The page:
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Betsy Hart writes: As a Christian mom to four school-age children, I find myself often challenging the culture. Many times this means helping my children learn to engage wisely with it. As a single mom, helping my kids to think rightly about the God-given, necessary, and wonderful differences between the genders is a subject matter I pay special attention to. So maybe it’s for my children’s sake most of all I use the term “romantic pornography” to describe most romantic comedies. For the record, I can enjoy a good chick flick as much as anyone. Sleepless seems almost like a caricature. But Enchanted, for instance, is hilarious. And at least it’s obviously a fairy tale. When you’ve seen one romantic comedy you’ve of course seen them all. There is some level of confusion involving a wonderful woman and an idiotic man. He doesn’t know how romantic he really is until the wonderful woman shows him the way and reveals his fabulous, sensitive, romantic side that was aching to get out all along we find. He so wants to talk about his feelings, just like her best girlfriends! Who knew? Romantic man finally realizes he cannot live without said woman, and pursues her in an ever-so-sensitive if bumbling way. There seems to typically be a fountain involved at some point. If it’s all not quite “magic,” it sure is fantasy. That’s where the pornography comes in. Just as sexual pornography twists an understanding for men about real women’s bodies and sexual appetites, so romantic pornography twists the perception for women about real men and how they “ought” to behave toward women, which tends to amount to, well, behaving like a woman. I have a dear friend who once didn’t like a fellow I was dating. Among other shortcomings, he didn’t arrange spa treatments for me, she explained. Seriously. No more chick flicks for that girl. More here.Chic // Thoughts? Todd

Foes of pornography are losing, and an onslaught of sexual attacks likely will result, Southern Baptist ethicist Richard Land believes. “We’re losing this war. We haven’t lost it, but we’re losing it,” Land, president of the Ethics & Religious Liberty Commission, said at a conference on porn and sex exploitation. “And if you don’t think we’re losing it, you spend time with college-age young people, and you’ll find out we’re losing.” He described hardcore, online pornography as “the greatest danger this country faces.” “[I]t is destroying our culture. It is destroying our families. It is destroying our children,” Land said. “Internet pornography is in your church. If your church has got more than 50 members, it’s in your church,” he told the audience. “I can tell you hardcore pornography is on the seminary campus. It’s on the Christian college campus. It’s in the pastorate. It’s on the staff.” Its prevalence among staff members has been disclosed when some churches have decided to begin daycare centers to reach out to their communities, Land said. In preparing to provide coverage for churches, insurance companies typically research what is being viewed online in the church’s buildings. “I can’t tell you the number of broken-hearted pastors who have called me when they have discovered what some of their trusted church staff have been looking at on church computers,” he said. (Via Church Executive.) QUESTION:  Has porn ever been a problem at your church?  Among staff? How has the ugly side of porn affect your personal or corporate ministry.  Leave an anonymous comment in you want… Todd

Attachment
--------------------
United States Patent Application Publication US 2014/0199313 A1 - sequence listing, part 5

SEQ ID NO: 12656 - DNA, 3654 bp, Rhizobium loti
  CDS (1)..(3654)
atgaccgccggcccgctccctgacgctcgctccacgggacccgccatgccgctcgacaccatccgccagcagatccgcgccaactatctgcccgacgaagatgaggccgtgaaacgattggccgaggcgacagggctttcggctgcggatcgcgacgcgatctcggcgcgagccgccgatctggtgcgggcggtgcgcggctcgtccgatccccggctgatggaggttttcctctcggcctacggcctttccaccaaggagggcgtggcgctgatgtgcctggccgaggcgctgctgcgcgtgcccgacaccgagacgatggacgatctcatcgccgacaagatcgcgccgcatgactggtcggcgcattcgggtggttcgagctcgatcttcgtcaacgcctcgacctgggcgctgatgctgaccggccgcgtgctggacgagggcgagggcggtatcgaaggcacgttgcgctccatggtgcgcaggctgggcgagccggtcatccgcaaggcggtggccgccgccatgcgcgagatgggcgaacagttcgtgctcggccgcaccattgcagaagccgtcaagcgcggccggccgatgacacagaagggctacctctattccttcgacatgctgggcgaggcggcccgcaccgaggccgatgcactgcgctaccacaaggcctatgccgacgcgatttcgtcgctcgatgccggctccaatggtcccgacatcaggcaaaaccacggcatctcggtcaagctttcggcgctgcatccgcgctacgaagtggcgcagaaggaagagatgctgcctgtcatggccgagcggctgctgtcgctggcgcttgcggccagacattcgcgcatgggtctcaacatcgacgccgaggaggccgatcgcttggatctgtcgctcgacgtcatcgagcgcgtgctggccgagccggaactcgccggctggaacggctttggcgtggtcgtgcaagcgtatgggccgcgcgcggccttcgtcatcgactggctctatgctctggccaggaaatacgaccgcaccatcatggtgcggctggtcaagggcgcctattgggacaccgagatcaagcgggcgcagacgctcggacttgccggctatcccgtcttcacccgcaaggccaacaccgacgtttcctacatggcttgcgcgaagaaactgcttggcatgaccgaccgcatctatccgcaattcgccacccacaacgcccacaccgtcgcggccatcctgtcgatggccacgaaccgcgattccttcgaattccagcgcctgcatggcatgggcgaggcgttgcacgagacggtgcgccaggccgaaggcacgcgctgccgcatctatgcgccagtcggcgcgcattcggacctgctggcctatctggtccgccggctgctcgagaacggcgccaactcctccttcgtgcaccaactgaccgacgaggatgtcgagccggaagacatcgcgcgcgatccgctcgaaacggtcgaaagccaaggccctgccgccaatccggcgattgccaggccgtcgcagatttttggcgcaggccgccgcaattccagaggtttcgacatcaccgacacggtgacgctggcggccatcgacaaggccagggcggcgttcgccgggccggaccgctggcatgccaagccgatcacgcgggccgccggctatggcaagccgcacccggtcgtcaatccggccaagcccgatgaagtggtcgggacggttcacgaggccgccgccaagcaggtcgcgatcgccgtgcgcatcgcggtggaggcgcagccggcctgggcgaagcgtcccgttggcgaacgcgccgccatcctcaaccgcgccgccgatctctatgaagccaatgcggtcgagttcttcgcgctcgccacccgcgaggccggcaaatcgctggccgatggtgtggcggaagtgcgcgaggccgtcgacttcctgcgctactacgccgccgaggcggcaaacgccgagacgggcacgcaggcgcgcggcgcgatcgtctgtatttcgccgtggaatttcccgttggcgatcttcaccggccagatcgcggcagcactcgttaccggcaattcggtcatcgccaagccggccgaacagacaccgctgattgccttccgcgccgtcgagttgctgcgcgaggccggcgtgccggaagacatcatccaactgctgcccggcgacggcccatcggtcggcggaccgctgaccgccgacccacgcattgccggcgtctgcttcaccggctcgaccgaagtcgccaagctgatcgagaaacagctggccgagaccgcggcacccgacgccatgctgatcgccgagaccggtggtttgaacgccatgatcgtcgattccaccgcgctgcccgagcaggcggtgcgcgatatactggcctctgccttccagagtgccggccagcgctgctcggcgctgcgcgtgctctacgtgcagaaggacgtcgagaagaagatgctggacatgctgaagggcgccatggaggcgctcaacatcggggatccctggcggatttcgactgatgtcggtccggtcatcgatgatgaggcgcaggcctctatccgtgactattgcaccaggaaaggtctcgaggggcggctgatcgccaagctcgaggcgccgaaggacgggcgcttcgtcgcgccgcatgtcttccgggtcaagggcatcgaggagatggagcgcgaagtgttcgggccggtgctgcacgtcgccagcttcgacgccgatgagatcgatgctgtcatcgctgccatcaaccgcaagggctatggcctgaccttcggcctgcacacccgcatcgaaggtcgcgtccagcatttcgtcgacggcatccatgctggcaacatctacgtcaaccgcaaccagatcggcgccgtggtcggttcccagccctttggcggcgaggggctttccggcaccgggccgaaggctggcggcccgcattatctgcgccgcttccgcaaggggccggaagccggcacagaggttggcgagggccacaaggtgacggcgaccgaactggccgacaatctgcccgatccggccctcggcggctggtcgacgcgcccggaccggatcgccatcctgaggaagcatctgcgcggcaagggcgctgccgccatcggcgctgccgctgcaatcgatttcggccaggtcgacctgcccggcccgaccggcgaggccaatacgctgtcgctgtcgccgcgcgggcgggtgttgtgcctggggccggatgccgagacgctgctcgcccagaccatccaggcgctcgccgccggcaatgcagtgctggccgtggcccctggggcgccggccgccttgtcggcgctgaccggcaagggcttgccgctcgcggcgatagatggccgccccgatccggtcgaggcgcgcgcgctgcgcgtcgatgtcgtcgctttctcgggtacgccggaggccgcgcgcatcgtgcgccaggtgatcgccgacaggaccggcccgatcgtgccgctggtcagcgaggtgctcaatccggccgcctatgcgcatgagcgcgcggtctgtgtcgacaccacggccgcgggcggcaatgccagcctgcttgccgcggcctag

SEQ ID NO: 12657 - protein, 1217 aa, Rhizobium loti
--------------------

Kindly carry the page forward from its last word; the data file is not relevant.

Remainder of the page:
This is the question that more and more churches are having to deal with these days.  How do you deal with a pastor who has an addiction.  Maybe it’s an addiction to alcohol or drugs; maybe it’s a sexual addiction like pornography.  The question is… what should be done with a pastor that has an addiction of some kind when it is found out? This scenario has actually happened this past week at Twin City Fellowship.  Recently Bob Dewaay’s health was deteriorating and they weren’t sure what was wrong.  After a bunch of tests, it was determined that Bob had Alcoholic Hepatitis.  Bob had been a vocal part of the discernment movement (calling out those who he though here heretical) for the past years.  As it turns out, the diagnosis was news to everyone in his church, including his elders.  The reaction was quick.  Termination. You can hear how the church responded publicly here.  (It’s in the first ten minutes). How should a church respond when their leader is caught in an addiction? My thought is that the church acted properly in removing the man from leadership (although I think some of the words were rather harsh).  The shepherd of a congregation is held to a high standard, and I think this was the right decision. But what responsibility does the church have in the area of reconciliation? in the area of counseling and help?  and in the area of financial support of this man and his family? I think part of the answer to that question has to do with how the person caught reacts?  Are they repentant?  Are they making excuses?  Are they defiant? And if they are repentant, do you work out a restoration plan with them as a church?  Are they restored to their senior pastor role? And if you, for some reason, decide NOT to terminate, how do you proceed?  Publicly?  Privately?  Seems dangerous to the life of the church either way. As you can tell… I have few, if any answers. Dare I say what happens most often?  When this type of addiction is found in a staff person (especially a person in a senior role); many times the person if quietly fired (without giving a reason) and is simply moved on to another church.  This is what should NEVER happen. What are your thoughts?  If your pastor (or you) were diagnosed with Alcoholic Hepatitis (and no one even knew you drank); should you be terminated, rehabilitated, or what? Todd